A person with a smartwatch on their wrist, sleeping soundly.

New and Emerging Tech To Support Sleep

The importance of sleep cannot be understated. The National Sleep Foundation recommends most adults get between seven and nine hours of sleep a night, and that children get even more. The American Academy of Sleep Medicine (AASM) indicates that healthy sleep is not only associated with cognitive functioning, mood, and mental as well as physical health, but that chronic insufficient sleep is associated with an increased risk of mortality, cardiovascular disease, diabetes, obesity, and cancer.

The good news is that emerging sleep technologies, from sleep-enhancing wearables to temperature-regulating bedding, offer a way to optimize sleep patterns and can play a vital role in enhancing overall well-being. Here are six such technologies, as well as several other points to remember about getting the best sleep you can.

1. Smart Sleep Trackers

Smart sleep trackers include headbands, under-mattress sleep trackers, and watches. While many different types of smart devices track sleep, most will gather a multitude of data that includes heart rate, time asleep, how much you toss and turn, and how much you snore. More specialized trackers may also dip into fitness tracking, especially if they are wearable trackers.

2. Sleep-Enhancing Wearables

Sleep-enhancing wearables might include earbuds, rings, or smartwatches that track sleep cycles and help you achieve sleep goals. The Oura Ring, for example, is a sleep and recovery tracker that fits comfortably on your finger and measures heart rate, blood oxygen, and fitness metrics and creates a report that tells you how your sleep is impacting you. Wearables should be comfortable, so watches and rings tend to be popular choices.

3. Adjustable Smart Beds

Adjustable smart beds are similar to smart apps and sleep trackers in that they can monitor your sleep. However, they can also adjust their temperature and contour, and even come with built-in alarms. Some will even make you a cup of coffee. Smart beds are a relatively new type of technology, so do your own research before making a purchase.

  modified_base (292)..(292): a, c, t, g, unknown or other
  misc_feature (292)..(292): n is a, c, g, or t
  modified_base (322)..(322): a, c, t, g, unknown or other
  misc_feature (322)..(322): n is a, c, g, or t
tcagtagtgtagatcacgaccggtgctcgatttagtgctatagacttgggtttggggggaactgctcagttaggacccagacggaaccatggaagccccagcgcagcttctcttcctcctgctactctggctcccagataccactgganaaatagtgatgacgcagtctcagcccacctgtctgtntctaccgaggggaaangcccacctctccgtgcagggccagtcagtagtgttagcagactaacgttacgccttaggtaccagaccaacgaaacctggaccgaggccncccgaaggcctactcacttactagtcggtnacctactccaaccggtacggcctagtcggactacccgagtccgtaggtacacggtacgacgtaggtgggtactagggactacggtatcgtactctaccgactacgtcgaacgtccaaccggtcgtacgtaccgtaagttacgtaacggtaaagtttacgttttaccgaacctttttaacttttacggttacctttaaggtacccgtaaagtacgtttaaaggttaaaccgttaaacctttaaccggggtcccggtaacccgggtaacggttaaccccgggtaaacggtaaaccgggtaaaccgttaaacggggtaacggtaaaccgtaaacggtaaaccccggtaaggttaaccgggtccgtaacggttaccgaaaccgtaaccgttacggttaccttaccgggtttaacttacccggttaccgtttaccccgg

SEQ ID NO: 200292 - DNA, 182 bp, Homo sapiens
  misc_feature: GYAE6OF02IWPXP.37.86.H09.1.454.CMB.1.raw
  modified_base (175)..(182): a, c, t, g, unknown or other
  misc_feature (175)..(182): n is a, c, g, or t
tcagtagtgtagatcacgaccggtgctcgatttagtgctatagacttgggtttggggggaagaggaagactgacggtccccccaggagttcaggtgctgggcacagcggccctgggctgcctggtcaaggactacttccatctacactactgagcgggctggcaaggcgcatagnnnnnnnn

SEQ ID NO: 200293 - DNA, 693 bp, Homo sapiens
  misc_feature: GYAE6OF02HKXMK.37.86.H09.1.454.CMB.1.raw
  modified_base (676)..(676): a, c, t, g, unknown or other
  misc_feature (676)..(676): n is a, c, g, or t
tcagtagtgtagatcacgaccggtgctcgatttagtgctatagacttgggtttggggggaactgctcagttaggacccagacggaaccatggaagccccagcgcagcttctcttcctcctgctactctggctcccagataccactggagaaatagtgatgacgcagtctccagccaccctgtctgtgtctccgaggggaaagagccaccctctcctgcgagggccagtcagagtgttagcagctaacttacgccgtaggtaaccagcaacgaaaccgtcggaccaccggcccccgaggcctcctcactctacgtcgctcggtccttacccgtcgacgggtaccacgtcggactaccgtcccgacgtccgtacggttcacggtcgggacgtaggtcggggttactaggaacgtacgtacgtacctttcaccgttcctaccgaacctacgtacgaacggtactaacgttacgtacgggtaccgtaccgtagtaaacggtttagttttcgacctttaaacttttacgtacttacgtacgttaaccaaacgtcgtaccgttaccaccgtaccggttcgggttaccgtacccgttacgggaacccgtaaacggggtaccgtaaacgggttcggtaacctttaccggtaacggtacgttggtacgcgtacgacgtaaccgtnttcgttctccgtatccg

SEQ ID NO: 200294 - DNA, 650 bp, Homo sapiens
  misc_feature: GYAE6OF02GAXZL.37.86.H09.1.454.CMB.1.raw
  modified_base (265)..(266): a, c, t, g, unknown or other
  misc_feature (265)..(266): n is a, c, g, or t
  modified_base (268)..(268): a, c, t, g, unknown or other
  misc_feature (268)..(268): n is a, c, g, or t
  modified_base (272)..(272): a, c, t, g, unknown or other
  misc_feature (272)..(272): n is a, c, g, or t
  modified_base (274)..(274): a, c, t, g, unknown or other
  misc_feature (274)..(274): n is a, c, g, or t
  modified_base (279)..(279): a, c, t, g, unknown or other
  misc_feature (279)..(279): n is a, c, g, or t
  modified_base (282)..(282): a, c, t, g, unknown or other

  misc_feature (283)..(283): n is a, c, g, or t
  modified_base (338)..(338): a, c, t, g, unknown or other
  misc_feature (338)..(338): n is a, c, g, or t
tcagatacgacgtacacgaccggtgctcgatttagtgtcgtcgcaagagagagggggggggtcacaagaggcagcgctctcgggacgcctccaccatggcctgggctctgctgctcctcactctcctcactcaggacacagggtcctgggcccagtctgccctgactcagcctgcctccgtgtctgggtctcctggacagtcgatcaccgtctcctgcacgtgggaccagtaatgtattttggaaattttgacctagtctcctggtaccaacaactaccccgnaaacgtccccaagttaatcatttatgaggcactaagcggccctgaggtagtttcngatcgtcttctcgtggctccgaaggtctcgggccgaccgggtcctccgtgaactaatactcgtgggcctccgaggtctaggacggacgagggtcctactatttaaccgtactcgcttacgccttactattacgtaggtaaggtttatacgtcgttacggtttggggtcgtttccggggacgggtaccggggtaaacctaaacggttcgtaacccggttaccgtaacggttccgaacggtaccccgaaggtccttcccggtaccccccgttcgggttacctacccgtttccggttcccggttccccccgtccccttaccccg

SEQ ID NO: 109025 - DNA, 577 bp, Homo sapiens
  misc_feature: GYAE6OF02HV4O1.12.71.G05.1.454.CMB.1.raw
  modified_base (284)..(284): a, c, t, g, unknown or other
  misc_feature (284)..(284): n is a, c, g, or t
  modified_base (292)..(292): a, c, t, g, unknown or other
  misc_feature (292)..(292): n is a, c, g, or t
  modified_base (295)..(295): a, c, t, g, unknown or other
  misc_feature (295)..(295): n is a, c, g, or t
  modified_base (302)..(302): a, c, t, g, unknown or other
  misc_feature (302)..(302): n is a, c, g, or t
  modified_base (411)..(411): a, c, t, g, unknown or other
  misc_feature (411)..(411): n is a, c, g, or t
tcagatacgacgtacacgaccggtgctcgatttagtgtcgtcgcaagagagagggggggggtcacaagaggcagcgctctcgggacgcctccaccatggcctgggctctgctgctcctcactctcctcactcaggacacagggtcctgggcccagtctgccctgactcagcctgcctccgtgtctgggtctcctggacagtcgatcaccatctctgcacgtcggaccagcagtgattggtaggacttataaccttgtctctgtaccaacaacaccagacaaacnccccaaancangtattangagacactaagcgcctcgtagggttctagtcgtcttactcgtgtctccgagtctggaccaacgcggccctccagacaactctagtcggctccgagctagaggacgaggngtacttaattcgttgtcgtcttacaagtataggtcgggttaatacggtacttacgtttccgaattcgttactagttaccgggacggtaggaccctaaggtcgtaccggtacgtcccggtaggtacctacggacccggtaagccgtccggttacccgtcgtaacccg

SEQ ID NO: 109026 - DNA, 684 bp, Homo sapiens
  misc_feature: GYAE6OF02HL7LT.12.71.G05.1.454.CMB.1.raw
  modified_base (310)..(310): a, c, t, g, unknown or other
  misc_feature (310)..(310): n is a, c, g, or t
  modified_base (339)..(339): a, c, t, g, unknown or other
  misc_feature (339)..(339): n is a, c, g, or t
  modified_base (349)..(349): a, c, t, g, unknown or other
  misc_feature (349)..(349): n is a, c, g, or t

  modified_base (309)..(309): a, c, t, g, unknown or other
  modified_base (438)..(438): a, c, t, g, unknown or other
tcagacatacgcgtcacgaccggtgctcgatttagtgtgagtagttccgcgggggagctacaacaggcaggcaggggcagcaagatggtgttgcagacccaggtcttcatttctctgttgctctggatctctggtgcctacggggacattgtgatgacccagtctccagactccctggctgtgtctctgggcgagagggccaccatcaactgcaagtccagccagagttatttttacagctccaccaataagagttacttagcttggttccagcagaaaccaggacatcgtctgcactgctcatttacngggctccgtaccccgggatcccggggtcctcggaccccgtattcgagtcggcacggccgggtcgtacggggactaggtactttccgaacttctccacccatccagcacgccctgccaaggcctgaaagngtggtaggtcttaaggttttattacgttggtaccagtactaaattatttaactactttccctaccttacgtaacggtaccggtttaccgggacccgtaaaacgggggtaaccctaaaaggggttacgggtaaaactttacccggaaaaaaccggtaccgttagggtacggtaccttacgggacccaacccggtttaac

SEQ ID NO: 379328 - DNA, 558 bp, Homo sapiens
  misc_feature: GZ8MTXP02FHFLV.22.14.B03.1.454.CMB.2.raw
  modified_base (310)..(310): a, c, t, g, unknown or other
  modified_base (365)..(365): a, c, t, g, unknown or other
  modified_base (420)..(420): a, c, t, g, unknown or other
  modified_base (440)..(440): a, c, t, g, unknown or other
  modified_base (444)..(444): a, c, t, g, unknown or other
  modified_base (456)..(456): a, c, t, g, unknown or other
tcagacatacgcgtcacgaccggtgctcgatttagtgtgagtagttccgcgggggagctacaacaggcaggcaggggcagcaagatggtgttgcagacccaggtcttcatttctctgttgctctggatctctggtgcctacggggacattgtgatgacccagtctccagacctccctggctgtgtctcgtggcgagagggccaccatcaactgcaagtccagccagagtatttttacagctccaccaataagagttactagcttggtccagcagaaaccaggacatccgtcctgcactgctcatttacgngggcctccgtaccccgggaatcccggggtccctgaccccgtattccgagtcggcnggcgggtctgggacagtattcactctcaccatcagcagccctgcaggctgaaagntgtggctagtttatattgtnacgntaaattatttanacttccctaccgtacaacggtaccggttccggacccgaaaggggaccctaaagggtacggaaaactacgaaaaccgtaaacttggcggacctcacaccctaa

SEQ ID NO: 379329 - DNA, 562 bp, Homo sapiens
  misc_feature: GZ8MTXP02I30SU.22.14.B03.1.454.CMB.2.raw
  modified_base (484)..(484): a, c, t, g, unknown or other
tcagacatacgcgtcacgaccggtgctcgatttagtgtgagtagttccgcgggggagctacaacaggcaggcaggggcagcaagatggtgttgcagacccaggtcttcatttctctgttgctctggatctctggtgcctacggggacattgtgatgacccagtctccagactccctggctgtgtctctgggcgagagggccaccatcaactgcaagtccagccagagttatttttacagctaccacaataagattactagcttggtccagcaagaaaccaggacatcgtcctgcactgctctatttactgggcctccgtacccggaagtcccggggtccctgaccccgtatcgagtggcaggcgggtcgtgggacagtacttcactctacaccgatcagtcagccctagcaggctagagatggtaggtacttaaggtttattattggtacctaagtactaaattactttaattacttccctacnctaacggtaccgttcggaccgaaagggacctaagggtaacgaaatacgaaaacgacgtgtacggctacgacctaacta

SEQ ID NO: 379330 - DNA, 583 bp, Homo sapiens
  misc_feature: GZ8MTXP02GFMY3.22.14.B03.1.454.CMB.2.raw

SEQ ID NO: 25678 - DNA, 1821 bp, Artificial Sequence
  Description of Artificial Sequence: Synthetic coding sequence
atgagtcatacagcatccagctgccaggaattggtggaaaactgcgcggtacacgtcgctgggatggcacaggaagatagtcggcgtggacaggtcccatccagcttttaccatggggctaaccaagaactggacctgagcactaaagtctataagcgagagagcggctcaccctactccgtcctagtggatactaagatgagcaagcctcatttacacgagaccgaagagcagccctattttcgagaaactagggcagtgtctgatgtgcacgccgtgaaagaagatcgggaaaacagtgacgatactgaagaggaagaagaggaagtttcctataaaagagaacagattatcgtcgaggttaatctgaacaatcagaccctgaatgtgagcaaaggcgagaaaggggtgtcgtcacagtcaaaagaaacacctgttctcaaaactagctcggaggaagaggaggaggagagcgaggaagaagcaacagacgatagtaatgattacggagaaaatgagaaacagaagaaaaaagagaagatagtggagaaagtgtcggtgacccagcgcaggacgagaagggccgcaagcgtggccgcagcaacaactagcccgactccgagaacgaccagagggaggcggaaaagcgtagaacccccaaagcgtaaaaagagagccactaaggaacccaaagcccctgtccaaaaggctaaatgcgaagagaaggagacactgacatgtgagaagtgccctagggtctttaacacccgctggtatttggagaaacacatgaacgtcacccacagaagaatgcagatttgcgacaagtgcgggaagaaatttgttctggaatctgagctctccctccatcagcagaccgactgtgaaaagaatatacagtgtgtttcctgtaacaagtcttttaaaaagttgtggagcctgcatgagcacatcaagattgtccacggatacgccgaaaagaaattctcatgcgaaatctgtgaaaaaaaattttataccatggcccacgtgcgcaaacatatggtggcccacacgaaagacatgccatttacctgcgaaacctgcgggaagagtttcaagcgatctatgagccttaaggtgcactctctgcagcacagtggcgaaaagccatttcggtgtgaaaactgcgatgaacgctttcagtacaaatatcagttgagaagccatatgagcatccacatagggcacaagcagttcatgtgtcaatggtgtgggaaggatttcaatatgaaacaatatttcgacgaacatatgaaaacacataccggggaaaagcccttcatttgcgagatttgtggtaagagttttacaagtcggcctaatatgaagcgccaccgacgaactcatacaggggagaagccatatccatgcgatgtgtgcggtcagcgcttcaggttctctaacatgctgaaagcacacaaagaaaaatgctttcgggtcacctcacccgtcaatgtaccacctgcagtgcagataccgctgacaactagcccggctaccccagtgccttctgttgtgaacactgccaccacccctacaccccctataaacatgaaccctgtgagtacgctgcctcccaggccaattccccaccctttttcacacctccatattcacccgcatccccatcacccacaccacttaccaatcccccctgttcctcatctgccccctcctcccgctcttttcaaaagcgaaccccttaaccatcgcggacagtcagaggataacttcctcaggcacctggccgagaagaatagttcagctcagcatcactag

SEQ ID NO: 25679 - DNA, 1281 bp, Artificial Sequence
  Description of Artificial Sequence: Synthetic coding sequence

4. Temperature-Regulating Bedding

If you live in a hot climate, are prone to night sweats, or sleep with a partner that prefers a different temperature setting than you, temperature-regulated bedding might be just what you are looking for. These sheets might cool or heat the person using them and should be selected based on feel, thread count, breathability, and individual preference in design and color.

5. Smart Sleep Masks

Smart sleep masks can help those with sleep discomfort, insomnia, and stress-related headaches. The best smart sleeping masks include features like stereo speakers, massage technology, heat, and sometimes just provide a little extra weight — like a weighted blanket for your face.

6. Sleep-Enhancing Apps

There are many different kinds of sleep apps, but the Sleep Foundation recommends choosing one based on a few select features. These include sleep tracking abilities, the inclusion of an alarm clock, relaxing music, sounds, and sleep stories, access to meditation and guided breathing, and sleep advice and coaching.

Lifestyle Modifications for Better Sleep

While sleep tech is great and should be lauded, a holistic approach to health that includes a mix of natural treatments and sleep tech is usually the best. In conjunction with tech solutions, lifestyle modifications can also help promote better sleep. These include:

  • Sleep hygiene practices: The CDC’s tips for good sleep habits, otherwise known as sleep hygiene, include avoiding large meals, caffeine, and alcohol before bedtime, as well as getting regular exercise during the day so you are tired at night.